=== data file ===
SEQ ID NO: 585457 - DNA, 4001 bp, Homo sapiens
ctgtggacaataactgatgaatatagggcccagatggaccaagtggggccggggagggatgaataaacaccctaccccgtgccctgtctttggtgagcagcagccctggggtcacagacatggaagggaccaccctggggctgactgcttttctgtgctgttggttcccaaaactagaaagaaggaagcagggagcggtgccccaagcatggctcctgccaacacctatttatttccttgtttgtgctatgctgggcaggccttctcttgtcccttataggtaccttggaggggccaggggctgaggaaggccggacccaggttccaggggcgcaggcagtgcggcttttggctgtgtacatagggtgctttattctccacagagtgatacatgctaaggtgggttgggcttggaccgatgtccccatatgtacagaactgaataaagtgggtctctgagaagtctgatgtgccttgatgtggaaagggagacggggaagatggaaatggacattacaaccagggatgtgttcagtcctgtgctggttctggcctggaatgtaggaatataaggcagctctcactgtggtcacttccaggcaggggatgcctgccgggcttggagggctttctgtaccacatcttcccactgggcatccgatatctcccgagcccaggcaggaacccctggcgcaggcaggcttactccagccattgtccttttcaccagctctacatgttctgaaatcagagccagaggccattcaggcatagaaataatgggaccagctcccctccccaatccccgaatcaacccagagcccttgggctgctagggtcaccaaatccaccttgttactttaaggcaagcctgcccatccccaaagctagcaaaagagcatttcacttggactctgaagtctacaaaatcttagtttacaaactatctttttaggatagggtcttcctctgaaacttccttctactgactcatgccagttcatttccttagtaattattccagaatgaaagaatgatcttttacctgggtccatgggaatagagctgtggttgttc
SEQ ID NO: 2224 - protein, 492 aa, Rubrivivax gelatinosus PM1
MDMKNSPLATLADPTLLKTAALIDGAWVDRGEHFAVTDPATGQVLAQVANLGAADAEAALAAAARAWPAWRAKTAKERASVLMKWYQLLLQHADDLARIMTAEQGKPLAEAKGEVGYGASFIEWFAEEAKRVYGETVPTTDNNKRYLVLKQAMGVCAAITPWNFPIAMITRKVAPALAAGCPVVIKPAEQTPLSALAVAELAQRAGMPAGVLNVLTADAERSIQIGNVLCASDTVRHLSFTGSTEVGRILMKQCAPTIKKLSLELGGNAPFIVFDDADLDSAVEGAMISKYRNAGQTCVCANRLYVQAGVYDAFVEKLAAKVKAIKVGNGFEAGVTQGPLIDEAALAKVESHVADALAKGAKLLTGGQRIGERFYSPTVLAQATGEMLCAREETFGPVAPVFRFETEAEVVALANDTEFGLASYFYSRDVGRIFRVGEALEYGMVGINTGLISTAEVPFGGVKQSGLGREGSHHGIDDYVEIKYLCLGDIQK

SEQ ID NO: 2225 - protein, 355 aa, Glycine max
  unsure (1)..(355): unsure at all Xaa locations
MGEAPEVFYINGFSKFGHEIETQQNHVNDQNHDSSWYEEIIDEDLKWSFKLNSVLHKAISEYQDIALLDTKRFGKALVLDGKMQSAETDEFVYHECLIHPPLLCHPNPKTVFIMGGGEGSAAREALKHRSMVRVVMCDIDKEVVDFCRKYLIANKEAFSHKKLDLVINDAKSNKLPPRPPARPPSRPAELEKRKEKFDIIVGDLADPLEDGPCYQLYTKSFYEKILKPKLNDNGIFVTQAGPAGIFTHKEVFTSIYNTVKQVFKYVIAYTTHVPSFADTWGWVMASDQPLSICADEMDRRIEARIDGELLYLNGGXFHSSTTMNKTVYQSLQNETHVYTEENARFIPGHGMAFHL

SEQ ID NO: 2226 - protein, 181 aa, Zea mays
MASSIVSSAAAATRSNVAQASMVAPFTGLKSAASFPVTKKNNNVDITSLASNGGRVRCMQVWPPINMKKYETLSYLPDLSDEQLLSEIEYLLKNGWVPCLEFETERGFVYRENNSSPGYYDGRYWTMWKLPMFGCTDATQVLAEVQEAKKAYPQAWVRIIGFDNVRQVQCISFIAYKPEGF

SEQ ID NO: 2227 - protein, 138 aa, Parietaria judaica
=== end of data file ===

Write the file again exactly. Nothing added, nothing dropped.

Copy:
SEQ ID NO: 585457 - DNA, 4001 bp, Homo sapiens
ctgtggacaataactgatgaatatagggcccagatggaccaagtggggccggggagggatgaataaacaccctaccccgtgccctgtctttggtgagcagcagccctggggtcacagacatggaagggaccaccctggggctgactgcttttctgtgctgttggttcccaaaactagaaagaaggaagcagggagcggtgccccaagcatggctcctgccaacacctatttatttccttgtttgtgctatgctgggcaggccttctcttgtcccttataggtaccttggaggggccaggggctgaggaaggccggacccaggttccaggggcgcaggcagtgcggcttttggctgtgtacatagggtgctttattctccacagagtgatacatgctaaggtgggttgggcttggaccgatgtccccatatgtacagaactgaataaagtgggtctctgagaagtctgatgtgccttgatgtggaaagggagacggggaagatggaaatggacattacaaccagggatgtgttcagtcctgtgctggttctggcctggaatgtaggaatataaggcagctctcactgtggtcacttccaggcaggggatgcctgccgggcttggagggctttctgtaccacatcttcccactgggcatccgatatctcccgagcccaggcaggaacccctggcgcaggcaggcttactccagccattgtccttttcaccagctctacatgttctgaaatcagagccagaggccattcaggcatagaaataatgggaccagctcccctccccaatccccgaatcaacccagagcccttgggctgctagggtcaccaaatccaccttgttactttaaggcaagcctgcccatccccaaagctagcaaaagagcatttcacttggactctgaagtctacaaaatcttagtttacaaactatctttttaggatagggtcttcctctgaaacttccttctactgactcatgccagttcatttccttagtaattattccagaatgaaagaatgatcttttacctgggtccatgggaatagagctgtggttgttc
SEQ ID NO: 2224 - protein, 492 aa, Rubrivivax gelatinosus PM1
MDMKNSPLATLADPTLLKTAALIDGAWVDRGEHFAVTDPATGQVLAQVANLGAADAEAALAAAARAWPAWRAKTAKERASVLMKWYQLLLQHADDLARIMTAEQGKPLAEAKGEVGYGASFIEWFAEEAKRVYGETVPTTDNNKRYLVLKQAMGVCAAITPWNFPIAMITRKVAPALAAGCPVVIKPAEQTPLSALAVAELAQRAGMPAGVLNVLTADAERSIQIGNVLCASDTVRHLSFTGSTEVGRILMKQCAPTIKKLSLELGGNAPFIVFDDADLDSAVEGAMISKYRNAGQTCVCANRLYVQAGVYDAFVEKLAAKVKAIKVGNGFEAGVTQGPLIDEAALAKVESHVADALAKGAKLLTGGQRIGERFYSPTVLAQATGEMLCAREETFGPVAPVFRFETEAEVVALANDTEFGLASYFYSRDVGRIFRVGEALEYGMVGINTGLISTAEVPFGGVKQSGLGREGSHHGIDDYVEIKYLCLGDIQK

SEQ ID NO: 2225 - protein, 355 aa, Glycine max
  unsure (1)..(355): unsure at all Xaa locations
MGEAPEVFYINGFSKFGHEIETQQNHVNDQNHDSSWYEEIIDEDLKWSFKLNSVLHKAISEYQDIALLDTKRFGKALVLDGKMQSAETDEFVYHECLIHPPLLCHPNPKTVFIMGGGEGSAAREALKHRSMVRVVMCDIDKEVVDFCRKYLIANKEAFSHKKLDLVINDAKSNKLPPRPPARPPSRPAELEKRKEKFDIIVGDLADPLEDGPCYQLYTKSFYEKILKPKLNDNGIFVTQAGPAGIFTHKEVFTSIYNTVKQVFKYVIAYTTHVPSFADTWGWVMASDQPLSICADEMDRRIEARIDGELLYLNGGXFHSSTTMNKTVYQSLQNETHVYTEENARFIPGHGMAFHL

SEQ ID NO: 2226 - protein, 181 aa, Zea mays
MASSIVSSAAAATRSNVAQASMVAPFTGLKSAASFPVTKKNNNVDITSLASNGGRVRCMQVWPPINMKKYETLSYLPDLSDEQLLSEIEYLLKNGWVPCLEFETERGFVYRENNSSPGYYDGRYWTMWKLPMFGCTDATQVLAEVQEAKKAYPQAWVRIIGFDNVRQVQCISFIAYKPEGF

SEQ ID NO: 2227 - protein, 138 aa, Parietaria judaica